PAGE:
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How can I add a set of CSS rules like F.I. opacity:0.94; outline:none; content:""; display:block; position:absolute; top:20px; left:50%; margin:0 0 0 -5px; width:0; height:0; line-height:0px; font-size:0px; to the JavaScript below? The JavaScript shows tooltips, but I need to make them more fancy, so that I can use them on an image map.

<script type='text/javascript' src='http://code.jquery.com/jquery-1.5.2.js'></script>  
<script type='text/javascript'>
//<![CDATA[ 
$(window).load(function () {
    $('.1,.2,.3').css({
        position: 'absolute'
    }).hide()
    $('area').each(function (i) {
        $('area').eq(i).bind('mouseover mousemove', function (e) {
            $('.1,.2,.3').eq(i).css({
                top: e.pageY + 10,
                left: e.pageX + 10
            }).show()
        })
        $('area').eq(i).bind('mouseout', function () {
            $('.1,.2,.3').hide()
        })
    })
});//]]>  
</script>
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2 Answers

up vote 0 down vote accepted

You can create a stylesheet using javascript and insert it into the DOM like this:

var styles = '#elem { opacity:0.94; outline:none; content:""; }' // etc
var style = document.createElement( 'style' );

document.getElementsByTagName('head')[0].appendChild( style );

if ( style.styleSheet ) { // IE
    style.styleSheet.cssText = styles;
} else {
    var cssText = document.createTextNode( styles );
    style.appendChild( cssText );
}

Or, you can use the jQuery API to apply the styles to the element’s style attribute. You probably need to convert the styles to an object if you want to benefit the jQuery normalizations:

$('#elem').css({
    opacity: 0.94,
    outline: 'none',
    content:'' // etc
});

http://api.jquery.com/css/

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This should be avoided in favour od adding the style to your stylesheet statically. Also #elem is bad. –  Raynos Jan 23 '12 at 11:30
    
Agreed, but I interpreted the question as if the OP wanted to use javascript to apply styles. And what is bad with #elem? It’s just an example... –  David Jan 23 '12 at 11:34
    
ids are evil also .css is even worse in terms of performance hits and generally introducing cancer to your code. –  Raynos Jan 23 '12 at 11:38
    
@Raynos that’s just crazy talk. If you have a problem with using IDs that’s fine, but it’s not as if a blog post will change the W3C recommendations for HTML structures. Neither is that discussion relevant for this question at all. –  David Jan 23 '12 at 11:43
    
OK Guys, for the complete noob that I am, I am working at the project and it seems that I can get it working the way that I want. I chose to use David´s jQuery API solution, because I sort of understood what it was about. I already got the layout in the script similar to the one used in the Pure CSS example. Now I will try to get the tooltip arrow done too. THANK YOU VERY MUCH FOR YOUR HELP, ALL OF YOU, and especially David! –  Bart Bus Jan 23 '12 at 18:13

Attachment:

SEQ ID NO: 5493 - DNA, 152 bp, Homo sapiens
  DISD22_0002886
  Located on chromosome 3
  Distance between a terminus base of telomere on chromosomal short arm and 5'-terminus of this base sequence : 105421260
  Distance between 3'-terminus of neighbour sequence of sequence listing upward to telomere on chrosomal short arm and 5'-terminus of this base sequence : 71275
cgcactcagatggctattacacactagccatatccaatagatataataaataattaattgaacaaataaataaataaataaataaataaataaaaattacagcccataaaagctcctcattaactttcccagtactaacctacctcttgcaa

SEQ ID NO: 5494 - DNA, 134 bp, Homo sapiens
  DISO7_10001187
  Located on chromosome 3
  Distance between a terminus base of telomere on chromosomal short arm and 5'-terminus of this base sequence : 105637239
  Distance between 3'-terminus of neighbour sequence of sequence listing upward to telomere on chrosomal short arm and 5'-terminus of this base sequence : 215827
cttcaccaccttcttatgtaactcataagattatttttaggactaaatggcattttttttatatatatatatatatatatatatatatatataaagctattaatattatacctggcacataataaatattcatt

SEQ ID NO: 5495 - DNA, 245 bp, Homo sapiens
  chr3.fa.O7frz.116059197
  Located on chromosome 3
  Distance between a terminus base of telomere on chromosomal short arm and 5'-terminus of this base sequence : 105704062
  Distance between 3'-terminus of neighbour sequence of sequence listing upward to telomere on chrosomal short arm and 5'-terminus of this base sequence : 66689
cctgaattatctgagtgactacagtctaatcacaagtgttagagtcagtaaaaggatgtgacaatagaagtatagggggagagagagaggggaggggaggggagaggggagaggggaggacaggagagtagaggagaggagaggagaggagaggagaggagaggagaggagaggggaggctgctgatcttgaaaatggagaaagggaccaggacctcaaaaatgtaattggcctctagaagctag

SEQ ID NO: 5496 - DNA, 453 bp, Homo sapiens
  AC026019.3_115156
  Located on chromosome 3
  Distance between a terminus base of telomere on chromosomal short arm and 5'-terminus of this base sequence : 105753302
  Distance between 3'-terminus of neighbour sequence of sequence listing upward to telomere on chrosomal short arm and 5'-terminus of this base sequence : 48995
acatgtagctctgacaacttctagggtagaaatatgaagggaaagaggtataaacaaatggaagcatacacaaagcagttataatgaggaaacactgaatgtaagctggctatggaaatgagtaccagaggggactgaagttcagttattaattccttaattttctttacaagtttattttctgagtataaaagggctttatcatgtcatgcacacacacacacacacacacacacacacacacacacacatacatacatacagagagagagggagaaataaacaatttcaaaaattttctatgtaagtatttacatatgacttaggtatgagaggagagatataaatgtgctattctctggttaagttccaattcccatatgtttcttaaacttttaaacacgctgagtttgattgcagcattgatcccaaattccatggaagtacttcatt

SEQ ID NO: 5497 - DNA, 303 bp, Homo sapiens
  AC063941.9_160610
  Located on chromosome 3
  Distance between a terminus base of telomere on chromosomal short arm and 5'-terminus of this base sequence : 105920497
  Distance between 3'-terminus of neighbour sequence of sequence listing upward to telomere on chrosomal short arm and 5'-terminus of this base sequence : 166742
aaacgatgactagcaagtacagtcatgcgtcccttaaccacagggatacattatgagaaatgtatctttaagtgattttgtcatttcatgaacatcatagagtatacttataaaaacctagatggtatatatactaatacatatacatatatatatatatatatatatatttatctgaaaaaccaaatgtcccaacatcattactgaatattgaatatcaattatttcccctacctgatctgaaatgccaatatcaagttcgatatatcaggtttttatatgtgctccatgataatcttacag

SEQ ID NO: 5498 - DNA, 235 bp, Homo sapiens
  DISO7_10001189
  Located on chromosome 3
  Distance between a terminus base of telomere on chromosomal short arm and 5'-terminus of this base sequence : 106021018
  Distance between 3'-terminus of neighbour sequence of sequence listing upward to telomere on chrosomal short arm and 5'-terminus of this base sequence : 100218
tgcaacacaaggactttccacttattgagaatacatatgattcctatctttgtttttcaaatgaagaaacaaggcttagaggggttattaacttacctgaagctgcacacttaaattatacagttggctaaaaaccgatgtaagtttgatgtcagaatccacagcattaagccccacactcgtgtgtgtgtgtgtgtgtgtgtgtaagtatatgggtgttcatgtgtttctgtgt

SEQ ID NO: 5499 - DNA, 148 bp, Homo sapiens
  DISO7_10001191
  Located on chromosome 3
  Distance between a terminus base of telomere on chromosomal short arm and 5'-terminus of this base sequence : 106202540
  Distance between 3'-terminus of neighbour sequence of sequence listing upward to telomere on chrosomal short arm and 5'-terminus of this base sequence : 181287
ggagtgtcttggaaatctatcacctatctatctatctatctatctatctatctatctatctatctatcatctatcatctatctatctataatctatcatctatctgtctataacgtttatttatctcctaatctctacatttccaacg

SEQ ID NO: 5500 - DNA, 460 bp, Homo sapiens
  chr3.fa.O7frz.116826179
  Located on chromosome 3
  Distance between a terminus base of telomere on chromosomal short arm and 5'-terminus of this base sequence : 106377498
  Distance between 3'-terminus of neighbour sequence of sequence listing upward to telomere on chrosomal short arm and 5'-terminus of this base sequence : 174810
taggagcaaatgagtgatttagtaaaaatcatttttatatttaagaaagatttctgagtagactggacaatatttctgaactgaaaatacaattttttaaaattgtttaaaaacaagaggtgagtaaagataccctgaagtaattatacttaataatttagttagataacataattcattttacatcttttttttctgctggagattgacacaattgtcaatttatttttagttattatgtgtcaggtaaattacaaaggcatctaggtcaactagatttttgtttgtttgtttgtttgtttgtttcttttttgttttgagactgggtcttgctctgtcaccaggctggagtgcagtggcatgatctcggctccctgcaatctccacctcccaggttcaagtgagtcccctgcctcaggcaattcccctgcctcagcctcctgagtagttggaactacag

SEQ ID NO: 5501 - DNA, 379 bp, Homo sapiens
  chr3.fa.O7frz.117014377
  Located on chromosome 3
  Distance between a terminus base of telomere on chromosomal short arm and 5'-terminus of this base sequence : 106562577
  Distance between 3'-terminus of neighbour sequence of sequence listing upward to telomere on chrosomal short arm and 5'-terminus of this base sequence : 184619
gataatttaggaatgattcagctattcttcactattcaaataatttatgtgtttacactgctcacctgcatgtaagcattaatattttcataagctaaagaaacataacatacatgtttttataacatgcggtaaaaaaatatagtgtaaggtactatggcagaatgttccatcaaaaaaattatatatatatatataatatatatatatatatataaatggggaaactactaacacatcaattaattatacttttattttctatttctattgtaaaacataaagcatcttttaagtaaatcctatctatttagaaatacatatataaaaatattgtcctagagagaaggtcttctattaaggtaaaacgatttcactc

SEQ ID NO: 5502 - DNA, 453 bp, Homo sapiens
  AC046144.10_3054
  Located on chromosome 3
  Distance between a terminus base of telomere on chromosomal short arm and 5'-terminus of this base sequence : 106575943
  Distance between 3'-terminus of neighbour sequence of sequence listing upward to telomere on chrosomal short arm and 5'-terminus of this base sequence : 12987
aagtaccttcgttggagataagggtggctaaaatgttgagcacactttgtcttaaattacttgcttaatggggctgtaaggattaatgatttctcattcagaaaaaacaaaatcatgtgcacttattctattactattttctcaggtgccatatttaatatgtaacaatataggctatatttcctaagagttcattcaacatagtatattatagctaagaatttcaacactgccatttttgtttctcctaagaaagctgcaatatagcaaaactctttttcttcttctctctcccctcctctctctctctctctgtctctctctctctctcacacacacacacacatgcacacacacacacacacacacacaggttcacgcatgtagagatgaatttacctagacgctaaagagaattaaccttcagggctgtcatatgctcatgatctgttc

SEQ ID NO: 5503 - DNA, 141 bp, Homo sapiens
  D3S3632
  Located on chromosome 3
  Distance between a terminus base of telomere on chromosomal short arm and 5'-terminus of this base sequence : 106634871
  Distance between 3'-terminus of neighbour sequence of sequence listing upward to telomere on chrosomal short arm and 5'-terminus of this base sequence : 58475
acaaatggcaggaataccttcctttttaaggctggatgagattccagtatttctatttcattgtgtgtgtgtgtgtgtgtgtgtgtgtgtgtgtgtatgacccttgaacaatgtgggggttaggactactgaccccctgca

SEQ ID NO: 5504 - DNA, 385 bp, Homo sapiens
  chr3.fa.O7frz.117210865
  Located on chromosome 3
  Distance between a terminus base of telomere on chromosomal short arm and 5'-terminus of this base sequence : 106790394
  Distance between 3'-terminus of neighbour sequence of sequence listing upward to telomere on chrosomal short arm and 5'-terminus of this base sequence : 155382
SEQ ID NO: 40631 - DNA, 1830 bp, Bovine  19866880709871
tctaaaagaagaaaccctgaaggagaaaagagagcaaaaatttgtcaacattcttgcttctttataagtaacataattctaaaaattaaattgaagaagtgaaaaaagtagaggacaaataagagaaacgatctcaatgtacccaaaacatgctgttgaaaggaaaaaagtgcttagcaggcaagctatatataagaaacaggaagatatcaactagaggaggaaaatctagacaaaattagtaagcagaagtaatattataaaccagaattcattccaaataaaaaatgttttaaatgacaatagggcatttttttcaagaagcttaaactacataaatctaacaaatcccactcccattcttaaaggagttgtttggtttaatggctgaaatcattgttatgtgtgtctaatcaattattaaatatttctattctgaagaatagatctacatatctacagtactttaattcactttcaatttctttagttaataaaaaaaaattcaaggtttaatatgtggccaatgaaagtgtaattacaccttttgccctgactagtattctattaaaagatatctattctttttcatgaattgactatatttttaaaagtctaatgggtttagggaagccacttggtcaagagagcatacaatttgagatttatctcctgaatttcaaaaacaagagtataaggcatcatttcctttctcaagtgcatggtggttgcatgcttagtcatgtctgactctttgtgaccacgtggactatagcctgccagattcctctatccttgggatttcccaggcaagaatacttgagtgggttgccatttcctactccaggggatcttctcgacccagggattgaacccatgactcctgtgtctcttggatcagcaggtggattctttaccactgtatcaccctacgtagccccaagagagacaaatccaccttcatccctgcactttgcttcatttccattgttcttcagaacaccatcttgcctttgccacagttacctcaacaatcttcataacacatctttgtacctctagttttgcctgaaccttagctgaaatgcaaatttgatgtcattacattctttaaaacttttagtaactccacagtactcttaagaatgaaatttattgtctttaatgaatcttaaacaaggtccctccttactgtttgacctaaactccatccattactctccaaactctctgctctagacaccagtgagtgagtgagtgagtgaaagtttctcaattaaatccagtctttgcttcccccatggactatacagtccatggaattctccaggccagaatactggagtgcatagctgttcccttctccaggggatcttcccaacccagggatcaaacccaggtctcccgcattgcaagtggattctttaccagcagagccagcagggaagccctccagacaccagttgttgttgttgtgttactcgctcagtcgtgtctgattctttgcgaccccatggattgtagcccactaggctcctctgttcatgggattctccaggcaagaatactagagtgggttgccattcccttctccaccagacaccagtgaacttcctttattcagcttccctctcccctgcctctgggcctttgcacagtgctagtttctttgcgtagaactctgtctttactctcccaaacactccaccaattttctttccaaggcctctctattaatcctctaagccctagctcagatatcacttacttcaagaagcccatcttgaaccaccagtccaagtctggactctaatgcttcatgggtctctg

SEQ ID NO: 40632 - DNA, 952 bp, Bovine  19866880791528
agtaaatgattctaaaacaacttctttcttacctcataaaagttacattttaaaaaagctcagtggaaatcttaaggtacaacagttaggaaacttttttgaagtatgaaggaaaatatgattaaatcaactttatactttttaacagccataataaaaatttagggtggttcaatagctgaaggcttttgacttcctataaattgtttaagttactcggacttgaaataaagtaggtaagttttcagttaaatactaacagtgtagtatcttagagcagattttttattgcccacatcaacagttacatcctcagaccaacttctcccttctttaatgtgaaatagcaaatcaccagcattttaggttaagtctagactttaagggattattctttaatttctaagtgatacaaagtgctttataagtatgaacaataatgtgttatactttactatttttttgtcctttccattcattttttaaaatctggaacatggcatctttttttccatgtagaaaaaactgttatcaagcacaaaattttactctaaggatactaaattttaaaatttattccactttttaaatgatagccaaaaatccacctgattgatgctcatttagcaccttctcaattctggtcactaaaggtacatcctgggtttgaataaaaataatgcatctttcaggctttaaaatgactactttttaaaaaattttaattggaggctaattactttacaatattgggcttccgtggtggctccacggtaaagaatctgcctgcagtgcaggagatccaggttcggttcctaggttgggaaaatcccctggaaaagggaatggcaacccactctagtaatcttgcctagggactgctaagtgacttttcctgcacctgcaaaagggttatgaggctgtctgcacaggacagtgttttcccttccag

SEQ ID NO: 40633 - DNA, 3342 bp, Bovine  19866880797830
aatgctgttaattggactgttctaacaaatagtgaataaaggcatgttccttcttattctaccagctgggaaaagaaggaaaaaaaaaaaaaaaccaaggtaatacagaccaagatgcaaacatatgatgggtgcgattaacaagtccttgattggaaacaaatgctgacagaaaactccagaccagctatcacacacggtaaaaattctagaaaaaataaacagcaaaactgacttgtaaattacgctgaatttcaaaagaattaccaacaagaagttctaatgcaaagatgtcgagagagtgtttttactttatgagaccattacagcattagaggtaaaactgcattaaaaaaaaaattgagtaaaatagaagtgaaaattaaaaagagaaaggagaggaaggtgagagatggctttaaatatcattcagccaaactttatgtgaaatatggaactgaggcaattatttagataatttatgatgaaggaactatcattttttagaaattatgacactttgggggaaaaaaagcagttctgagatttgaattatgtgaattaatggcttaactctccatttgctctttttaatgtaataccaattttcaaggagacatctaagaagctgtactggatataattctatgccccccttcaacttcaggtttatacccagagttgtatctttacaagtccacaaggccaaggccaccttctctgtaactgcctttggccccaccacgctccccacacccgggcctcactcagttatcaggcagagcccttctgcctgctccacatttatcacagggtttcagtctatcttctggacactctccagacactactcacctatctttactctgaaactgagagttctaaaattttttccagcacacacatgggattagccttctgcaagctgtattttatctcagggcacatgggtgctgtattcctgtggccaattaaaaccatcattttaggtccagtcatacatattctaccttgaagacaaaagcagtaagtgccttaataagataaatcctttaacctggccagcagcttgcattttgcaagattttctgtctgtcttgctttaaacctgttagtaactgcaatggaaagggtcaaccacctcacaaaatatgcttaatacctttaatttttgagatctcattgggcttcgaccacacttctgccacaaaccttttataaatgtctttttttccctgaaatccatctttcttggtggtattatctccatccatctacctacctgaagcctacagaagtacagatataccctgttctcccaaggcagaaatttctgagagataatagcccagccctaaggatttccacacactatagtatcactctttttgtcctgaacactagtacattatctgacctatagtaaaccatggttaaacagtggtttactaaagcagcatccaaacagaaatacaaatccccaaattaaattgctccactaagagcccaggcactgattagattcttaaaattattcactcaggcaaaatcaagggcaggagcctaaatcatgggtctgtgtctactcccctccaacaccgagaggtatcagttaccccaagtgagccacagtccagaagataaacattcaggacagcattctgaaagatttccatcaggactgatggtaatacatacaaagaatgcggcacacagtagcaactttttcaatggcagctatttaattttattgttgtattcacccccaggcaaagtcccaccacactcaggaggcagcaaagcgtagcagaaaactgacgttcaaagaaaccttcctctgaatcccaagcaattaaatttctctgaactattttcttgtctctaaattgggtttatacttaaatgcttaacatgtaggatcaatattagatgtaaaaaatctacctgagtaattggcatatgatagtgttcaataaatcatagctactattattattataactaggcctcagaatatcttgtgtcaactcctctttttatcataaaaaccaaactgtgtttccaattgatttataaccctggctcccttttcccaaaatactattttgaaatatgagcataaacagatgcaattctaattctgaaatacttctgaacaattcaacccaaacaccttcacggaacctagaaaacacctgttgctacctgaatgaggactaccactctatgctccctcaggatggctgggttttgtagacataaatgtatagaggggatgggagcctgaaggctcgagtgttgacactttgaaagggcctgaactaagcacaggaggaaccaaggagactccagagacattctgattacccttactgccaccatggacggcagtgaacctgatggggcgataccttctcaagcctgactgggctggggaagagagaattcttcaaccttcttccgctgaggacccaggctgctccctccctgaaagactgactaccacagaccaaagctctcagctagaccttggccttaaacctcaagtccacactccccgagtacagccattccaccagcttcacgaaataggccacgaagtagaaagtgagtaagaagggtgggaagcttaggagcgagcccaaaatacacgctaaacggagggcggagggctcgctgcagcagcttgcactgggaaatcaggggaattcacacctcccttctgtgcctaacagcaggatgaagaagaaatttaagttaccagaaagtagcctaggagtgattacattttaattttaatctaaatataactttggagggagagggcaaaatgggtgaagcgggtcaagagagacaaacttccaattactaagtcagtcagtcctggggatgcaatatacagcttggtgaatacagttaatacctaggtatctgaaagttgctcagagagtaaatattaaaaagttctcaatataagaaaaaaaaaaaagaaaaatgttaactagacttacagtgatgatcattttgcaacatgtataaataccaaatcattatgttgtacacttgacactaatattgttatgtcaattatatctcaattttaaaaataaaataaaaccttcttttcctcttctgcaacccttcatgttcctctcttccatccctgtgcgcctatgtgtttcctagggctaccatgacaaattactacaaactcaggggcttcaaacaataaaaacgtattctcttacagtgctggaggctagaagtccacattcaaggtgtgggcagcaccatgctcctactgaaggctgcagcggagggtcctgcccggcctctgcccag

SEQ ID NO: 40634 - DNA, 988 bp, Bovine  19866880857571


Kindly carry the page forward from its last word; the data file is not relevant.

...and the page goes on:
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Mixing CSS, JS or HTML together is a common anti-pattern. CSS goes in a styleSheet.

// in stylesheet .css
.new-class {
  opacity:0.94; 
  outline:none; 
  content:""; 
  display:block; 
  position:absolute; 
  top:20px; 
  left:50%; 
  margin:0 0 0 -5px; 
  width:0; 
  height:0; 
  line-height:0px; 
  font-size:0px;
}

JavaScript manipulates classes on elements.

// in javascript 
elem.classList.add("new-class");

As an aside your script is madness

// get each area
$('area').each(function (i) {
    // get them all again
    $('area').eq(i).bind('mouseover mousemove', function (e) {
        $('.1,.2,.3').eq(i).css({
            top: e.pageY + 10,
            left: e.pageX + 10
        }).show()
    })
    // and again. 
    $('area').eq(i).bind('mouseout', function () {
        $('.1,.2,.3').hide()
    })
})

Please cache your jQuery queries.

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1  
The OP is using jQuery, so you could do $('.foo').css({ // Rules });, althoguh the OP did ask for pure JS. –  Bojangles Jan 23 '12 at 11:22
    
@JamWaffles: No, he just asked how to achieve what he wants, in which case it seems very appropriate to me to show him how this is done properly. –  Niklas B. Jan 23 '12 at 11:25
    
Beware of browser inconsistencies you get when using f.ex opacity in a stylesheet versus using the jQuery normalized properties in their .css() api. –  David Jan 23 '12 at 11:50
    
Good point, jQuery has legacy browser fixes for some CSS properties. This may be of value –  Raynos Jan 23 '12 at 11:59
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